Jesus’ first recorded celebration of the Passover anticipates His last celebration of the Passover. Just as when He was twelve, this last time in Jerusalem Jesus also taught in the Temple (Lk. 21:37). Luke also identifies being “lost” with being dead and “being found” as coming back to life. Thus Jesus tells of the prodigal son who was lost but then was found (15:32). As a twelve-year-old, after the celebration of the Passover, Jesus was “lost” to His parents and then three days later “found”. This foreshadows this last Passover, after which Jesus was “lost” to His disciples when He died and three days later “found” when He rose from the dead.
Of course Jesus was not truly lost either time, but because His parents and disciples at that time did not understand His purpose or His mission, He was lost to them. Once they later understood His purpose and mission, they remembered these things that they had treasured up in their hearts (v. 51; Lk. 24:8).
So the first Passover celebration anticipates the last. During the last Passover celebration, Jesus institutes something new to remember. He said, “This is my body which is for you. Do this in remembrance of me.” In the same way also he took the cup, after supper, saying, “This cup is the new covenant in my blood. Do this, as often as you drink it, in remembrance of me.” (1 Cor. 11:24-25) Jesus instituted a new remembrance meal. The Passover meal remembering the delivery from slavery to the Egyptians has been replaced by the New Passover feast remembering the delivery from slavery to sin. And the Lord’s Supper isn’t just a meal of remembrance, but in the very meal we actually receive deliverance. We receive the very forgiveness of sins as Jesus promised. And where there is forgiveness of sins, there is also life and salvation.
Jesus gave Himself as the Passover Lamb. Thus I Corinthians 5(:7) says, “Christ, our Passover lamb, has been sacrificed.” Jesus, the Lamb of God that takes away the sin of the world gave His life on the cross for our sin. He is the sacrifice for us. His blood keeps the angel of death from us, so that he passes over our doors. Jesus’ blood keeps us alive. And because of the shedding of Jesus’ blood, we have been freed from our slavery. Jesus has freed us from our slavery to sin and death. We are no longer enslaved to sin so that we have to obey its passions (Rom. 6:6-14). Because of Jesus’ death we are now free to serve Him instead of sin (Rom. 6:17-18). So put away all malice and all deceit and hypocrisy and envy and all slander (1 Pt. 2:1). Instead, come to the Lord’s altar and receive the forgiveness of your sins.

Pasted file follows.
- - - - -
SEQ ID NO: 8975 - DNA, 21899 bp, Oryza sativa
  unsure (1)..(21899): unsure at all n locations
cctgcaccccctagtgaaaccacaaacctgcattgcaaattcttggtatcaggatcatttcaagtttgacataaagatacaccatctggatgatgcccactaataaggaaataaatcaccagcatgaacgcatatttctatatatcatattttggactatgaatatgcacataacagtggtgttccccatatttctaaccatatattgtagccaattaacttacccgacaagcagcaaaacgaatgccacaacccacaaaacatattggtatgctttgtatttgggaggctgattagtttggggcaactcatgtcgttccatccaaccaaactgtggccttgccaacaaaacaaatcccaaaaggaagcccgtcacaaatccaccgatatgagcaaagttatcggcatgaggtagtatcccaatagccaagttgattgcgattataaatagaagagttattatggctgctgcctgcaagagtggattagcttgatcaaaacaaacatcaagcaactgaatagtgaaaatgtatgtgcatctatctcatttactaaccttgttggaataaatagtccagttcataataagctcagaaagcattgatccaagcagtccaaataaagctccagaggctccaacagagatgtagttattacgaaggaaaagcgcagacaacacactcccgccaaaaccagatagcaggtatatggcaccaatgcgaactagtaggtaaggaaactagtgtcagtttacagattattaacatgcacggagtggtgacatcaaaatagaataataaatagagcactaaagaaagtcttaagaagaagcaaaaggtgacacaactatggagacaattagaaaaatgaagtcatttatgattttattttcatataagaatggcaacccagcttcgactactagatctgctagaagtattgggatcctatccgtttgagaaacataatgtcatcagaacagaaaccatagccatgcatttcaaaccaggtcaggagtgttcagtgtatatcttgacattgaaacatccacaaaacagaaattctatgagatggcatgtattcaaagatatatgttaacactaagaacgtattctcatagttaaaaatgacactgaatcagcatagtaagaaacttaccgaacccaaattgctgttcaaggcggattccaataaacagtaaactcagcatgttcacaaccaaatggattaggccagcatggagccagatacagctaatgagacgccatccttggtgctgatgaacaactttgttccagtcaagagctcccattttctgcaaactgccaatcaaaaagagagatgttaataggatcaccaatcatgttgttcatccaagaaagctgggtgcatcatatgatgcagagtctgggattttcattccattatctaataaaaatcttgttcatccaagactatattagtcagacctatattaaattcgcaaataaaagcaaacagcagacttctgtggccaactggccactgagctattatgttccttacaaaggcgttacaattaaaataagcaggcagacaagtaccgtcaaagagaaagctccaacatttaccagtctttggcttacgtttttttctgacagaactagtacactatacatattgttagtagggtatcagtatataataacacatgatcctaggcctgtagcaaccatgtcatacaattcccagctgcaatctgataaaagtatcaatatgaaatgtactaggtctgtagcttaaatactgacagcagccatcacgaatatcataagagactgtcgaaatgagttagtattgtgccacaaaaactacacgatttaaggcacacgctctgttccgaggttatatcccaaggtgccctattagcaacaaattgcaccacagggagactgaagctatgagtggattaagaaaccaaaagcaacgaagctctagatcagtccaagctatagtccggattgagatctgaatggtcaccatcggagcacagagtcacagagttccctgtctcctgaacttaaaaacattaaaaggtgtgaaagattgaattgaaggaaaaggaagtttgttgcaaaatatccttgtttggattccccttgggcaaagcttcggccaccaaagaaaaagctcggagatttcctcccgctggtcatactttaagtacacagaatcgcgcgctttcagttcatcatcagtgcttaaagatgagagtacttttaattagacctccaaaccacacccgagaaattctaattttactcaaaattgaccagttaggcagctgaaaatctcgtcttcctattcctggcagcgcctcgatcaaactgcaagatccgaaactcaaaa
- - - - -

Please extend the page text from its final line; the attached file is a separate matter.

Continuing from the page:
Come and eat the true body and blood of Jesus, our Passover Lamb who has been sacrificed. Come; receive the forgiveness of sins. Come; receive the strengthening of your faith that keeps the angel of death at bay. Jesus, through His death and resurrection, has defeated the devil, so we have been granted an exodus out of slavery to him and have been given the Promised Land as our inheritance.
Do not misunderstand Jesus’ purpose and mission. He came to die. He came with the very purpose of being our Passover Lamb. His purpose and mission was to take away the sins of the world. His purpose was to give us new life in Him. So come, let us celebrate the New Passover feast with joy, receiving the new life Jesus gives to us. Amen.
The peace of God which surpasses all understanding will keep your hearts and your minds in Christ Jesus our Lord. Amen.